As anyone who has worked in a Town Hall, Westminster or Whitehall – or indeed watched an episode of Yes Minister – knows, all these comments have a single translation: “Please shut up and leave me alone”. Promising to send on consultation documents “in due course”, vows to keep correspondents “informed”, and reassurances that comments have been “taken on board” are staple weapons in the bureaucratic armoury of politicians and civil servants wanting to politely tell busybodies to get stuffed (when I served as a councillor and worked for an MP, I would draft dozens of such letters each month). It’s reassuring to see that Prince Charles is treated no differently from anyone else.

Even the Guardian (which, preposterously, devotes five pages to this non-story just a week after the most important general election for 20 years), admits the letters are “more boring than bullying”; columnist Simon Jenkins rightly points out that Prince Charles hobby-horses are just a distraction from the real menace: corporate lobbying.

If only the Guardian had put as much effort in getting the government to reveal the correspondence it received from Murdoch, energy companies and tax avoiders like Google and Amazon. The Guardian – a paper that is at best lukewarm towards the Royal Family – cannot have to both ways: the Royal Family cannot be ridiculed for being a bunch of airheads one day, only for Prince Charles to be mocked for intellectual diarrhoea the next.

Personally, I would like Britain to a gradually shift from a constitutional monarchy into a federal republic with an elected head of state, voting reform, an elected Senate in place of the House of Lords, and a proper written constitution. But with Wills and Kate becoming ever more popular, this may not happen in my lifetime. If we want to see the monarchy better reflect modern Britain in the meantime, replacing the Queen’s diplomatic silence with the Prince’s scattergun interventions will help rather than hinder.

Even if you disagree with all the Prince’s heterodox views there’s no evidence that Charles has had any undue influence on government policy. To take just one example, it’s clear that the Prince had much less influence on healthy school meals than another unelected celebrity – Jamie Oliver – but I hear no demand for his private correspondence to be released.

****

The best way to shift Britain towards a modern, Scandinavian monarchy is not to tell Prince Charles to shut up and smile sweetly for the cameras. The change need to take place among the Royal Family’s subjects – or rather citizens. When the London Borough of Greenwich was given “Royal” status in 2012 there was an orgy of self-congratulation. Just as frontline services were being cut, there was even a proposal (eventually shelved) to spend hundreds of thousands of pounds of public money on statues of the blood-splattered Tudor monarchs who had been born in the borough. Many politicians fell over themselves to pontificate about how Royal Status would bring more tourism and inward investment to the borough – and a few even claimed that Royal Status would help to “re-engage” with white working class communities and persuade them to start voting again. In fact, Greenwich’s royal history is a lot less interesting or important than its role as a birthplace of the Labour party, the co-operative movement and Arsenal football club.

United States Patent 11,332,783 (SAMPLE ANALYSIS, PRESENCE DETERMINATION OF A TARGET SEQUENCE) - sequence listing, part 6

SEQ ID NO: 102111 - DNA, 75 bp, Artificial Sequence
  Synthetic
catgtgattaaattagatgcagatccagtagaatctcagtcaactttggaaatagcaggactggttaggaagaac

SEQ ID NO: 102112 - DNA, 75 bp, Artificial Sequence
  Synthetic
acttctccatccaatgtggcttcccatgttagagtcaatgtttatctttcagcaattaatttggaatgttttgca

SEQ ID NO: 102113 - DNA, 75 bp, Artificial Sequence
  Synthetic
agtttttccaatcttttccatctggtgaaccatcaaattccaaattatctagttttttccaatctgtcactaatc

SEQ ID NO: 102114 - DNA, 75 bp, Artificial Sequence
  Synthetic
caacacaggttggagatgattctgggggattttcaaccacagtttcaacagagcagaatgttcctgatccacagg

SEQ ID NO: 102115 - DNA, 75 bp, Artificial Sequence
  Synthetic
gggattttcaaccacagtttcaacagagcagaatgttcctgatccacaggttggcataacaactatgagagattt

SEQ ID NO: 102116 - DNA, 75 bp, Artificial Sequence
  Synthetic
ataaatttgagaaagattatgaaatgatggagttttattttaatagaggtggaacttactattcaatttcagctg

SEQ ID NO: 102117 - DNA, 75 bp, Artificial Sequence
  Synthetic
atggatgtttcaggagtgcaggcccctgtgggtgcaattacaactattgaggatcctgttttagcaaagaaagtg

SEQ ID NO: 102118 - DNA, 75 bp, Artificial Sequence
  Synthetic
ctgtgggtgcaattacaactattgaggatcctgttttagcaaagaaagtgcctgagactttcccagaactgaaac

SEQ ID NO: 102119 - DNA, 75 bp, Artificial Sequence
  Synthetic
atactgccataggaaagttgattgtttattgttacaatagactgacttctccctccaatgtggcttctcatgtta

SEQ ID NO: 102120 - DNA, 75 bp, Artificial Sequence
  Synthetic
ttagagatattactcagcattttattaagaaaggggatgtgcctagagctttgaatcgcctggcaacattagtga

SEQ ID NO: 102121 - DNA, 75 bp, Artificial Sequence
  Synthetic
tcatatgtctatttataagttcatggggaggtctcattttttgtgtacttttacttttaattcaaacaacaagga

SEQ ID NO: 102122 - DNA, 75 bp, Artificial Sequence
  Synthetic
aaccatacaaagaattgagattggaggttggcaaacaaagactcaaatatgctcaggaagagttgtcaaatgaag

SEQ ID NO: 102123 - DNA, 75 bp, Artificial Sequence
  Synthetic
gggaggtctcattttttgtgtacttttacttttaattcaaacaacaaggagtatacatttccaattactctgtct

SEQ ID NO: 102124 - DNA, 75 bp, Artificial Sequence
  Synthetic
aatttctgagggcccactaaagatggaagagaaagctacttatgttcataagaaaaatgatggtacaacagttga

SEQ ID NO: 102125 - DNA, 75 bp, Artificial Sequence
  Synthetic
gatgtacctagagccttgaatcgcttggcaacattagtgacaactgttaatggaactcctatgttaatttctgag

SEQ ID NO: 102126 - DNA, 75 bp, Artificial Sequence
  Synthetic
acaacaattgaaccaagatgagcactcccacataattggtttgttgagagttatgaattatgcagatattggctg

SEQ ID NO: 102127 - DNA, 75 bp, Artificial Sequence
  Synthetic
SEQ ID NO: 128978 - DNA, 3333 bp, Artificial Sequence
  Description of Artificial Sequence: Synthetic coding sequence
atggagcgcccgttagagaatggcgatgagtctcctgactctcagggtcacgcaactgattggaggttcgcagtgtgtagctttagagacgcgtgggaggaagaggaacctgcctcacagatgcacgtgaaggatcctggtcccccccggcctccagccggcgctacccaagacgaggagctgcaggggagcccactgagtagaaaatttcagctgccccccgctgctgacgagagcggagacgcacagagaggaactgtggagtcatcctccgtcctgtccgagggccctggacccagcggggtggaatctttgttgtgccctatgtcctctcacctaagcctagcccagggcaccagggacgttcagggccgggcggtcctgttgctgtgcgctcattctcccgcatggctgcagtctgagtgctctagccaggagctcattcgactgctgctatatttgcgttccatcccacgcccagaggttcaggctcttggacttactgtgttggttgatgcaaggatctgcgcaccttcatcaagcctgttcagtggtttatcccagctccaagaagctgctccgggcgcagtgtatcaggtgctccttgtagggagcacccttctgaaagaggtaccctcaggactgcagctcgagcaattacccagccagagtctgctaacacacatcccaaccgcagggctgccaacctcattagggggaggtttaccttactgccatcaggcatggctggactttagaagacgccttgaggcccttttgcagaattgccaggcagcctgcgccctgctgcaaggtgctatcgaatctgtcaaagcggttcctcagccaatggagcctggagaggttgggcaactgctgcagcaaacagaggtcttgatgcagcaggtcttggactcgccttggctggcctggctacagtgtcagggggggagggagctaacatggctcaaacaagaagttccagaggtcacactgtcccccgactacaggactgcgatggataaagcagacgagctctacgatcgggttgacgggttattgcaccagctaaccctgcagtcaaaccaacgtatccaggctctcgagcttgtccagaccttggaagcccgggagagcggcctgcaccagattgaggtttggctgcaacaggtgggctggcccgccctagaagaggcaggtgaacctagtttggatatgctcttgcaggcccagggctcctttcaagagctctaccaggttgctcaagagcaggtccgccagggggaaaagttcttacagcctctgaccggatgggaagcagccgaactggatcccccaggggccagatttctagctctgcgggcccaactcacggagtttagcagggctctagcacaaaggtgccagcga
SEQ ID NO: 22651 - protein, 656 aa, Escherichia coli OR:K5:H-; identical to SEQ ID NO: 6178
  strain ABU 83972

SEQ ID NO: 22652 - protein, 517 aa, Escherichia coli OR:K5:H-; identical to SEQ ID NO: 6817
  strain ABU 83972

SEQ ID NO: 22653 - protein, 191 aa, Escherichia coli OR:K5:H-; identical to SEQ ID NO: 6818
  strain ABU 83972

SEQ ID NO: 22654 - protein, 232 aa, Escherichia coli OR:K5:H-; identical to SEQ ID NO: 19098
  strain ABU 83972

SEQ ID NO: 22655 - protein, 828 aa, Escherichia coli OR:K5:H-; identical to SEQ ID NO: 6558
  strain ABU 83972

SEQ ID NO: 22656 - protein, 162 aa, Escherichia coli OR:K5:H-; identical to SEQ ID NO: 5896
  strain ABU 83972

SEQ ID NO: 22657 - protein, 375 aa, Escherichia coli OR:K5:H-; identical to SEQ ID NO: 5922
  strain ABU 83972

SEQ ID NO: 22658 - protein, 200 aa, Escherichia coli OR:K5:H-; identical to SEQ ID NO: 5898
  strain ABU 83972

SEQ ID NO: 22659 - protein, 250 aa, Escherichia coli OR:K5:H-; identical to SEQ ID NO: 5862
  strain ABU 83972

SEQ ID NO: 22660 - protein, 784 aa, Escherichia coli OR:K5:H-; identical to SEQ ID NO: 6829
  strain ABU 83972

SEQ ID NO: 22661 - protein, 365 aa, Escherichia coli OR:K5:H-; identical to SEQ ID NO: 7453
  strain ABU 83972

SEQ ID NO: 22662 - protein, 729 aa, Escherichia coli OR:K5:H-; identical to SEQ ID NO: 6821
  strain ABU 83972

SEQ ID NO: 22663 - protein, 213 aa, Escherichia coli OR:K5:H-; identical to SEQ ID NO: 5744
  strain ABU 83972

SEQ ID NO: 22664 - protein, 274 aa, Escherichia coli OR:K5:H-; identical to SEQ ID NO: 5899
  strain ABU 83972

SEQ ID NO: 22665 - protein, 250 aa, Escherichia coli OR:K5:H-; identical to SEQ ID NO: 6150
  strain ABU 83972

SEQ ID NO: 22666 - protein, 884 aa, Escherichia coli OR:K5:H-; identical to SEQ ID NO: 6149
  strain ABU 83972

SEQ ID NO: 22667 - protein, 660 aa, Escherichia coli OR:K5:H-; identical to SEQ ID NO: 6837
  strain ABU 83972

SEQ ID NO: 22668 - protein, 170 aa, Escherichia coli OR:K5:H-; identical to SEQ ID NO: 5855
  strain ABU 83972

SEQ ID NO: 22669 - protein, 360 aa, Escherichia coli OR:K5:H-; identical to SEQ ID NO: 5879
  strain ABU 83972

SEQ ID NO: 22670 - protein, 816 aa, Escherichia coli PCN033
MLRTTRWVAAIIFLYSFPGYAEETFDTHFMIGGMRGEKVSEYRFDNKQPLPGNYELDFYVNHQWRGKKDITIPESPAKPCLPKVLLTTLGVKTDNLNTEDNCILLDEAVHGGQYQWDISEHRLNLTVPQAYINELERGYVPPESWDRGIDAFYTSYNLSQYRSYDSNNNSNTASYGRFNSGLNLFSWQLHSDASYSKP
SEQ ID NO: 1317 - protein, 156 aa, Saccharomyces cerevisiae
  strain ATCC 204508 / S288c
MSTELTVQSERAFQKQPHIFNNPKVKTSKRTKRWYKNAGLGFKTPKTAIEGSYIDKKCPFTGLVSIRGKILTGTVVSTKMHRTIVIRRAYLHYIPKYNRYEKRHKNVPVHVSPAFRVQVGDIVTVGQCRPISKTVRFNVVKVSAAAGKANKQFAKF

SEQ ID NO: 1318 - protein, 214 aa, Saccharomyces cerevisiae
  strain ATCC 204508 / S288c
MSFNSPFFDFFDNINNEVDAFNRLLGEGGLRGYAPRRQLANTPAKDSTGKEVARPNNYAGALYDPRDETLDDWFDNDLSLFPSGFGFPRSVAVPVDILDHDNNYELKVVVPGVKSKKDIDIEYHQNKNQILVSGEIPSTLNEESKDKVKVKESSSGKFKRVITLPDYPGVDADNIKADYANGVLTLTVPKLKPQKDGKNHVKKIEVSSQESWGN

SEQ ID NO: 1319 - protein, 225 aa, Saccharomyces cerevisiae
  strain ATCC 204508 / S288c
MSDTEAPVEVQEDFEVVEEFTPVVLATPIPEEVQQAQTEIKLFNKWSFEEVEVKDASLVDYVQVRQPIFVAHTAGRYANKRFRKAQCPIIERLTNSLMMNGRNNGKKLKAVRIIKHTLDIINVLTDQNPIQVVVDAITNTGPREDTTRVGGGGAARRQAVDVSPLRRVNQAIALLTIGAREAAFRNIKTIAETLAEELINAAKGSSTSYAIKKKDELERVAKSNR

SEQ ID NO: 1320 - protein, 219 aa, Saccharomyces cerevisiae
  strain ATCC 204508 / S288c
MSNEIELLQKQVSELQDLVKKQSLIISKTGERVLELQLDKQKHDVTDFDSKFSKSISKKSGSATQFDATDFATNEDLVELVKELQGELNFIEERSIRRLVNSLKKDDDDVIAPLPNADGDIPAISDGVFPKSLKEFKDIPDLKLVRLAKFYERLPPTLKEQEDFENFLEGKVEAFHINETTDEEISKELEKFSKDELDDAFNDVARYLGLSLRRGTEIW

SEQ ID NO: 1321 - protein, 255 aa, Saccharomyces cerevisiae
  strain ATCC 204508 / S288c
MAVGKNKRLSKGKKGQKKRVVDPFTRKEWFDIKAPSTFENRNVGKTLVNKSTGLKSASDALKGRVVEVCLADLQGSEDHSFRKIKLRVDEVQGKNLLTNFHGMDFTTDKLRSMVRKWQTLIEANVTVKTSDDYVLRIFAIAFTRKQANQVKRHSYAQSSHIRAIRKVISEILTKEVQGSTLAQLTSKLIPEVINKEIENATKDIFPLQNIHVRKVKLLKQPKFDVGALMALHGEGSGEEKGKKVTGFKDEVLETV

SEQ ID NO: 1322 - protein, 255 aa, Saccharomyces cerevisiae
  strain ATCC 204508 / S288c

If all the expense and effort put into celebrating “Royal Borough status” had been re-directed towards community engagement, frontline services and improving democratic transparency, then Greenwich would have been better off (just as Greenwich spent a fortune on firework displays and royal pageants, it claimed to have no money to webcast town hall meetings or subsidise the local credit union).

No member of the royal family had ordered such cringing and forelock-tugging in a “black spider” memo: the hysteria was home-grown. If we want the Royal Family to modernise we need to treat them like grownups. The Guardian’s fixation on Charles’ prolific letter-writing, and the fawning “obedient servant” salutations with which some ministers replied, misses the point. Charles’s letters aren’t the worst things about the Royal family. In fact they are some of its few redeeming features.

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One Response to A storm in a teacup: the Guardian misses the point about Charles’ black spider memos

  1. btho5531 says:

    Great article. I think that the Royal family is bound by the constitution to avoid exerting influence in politics and its this question that is at the heart of the matter.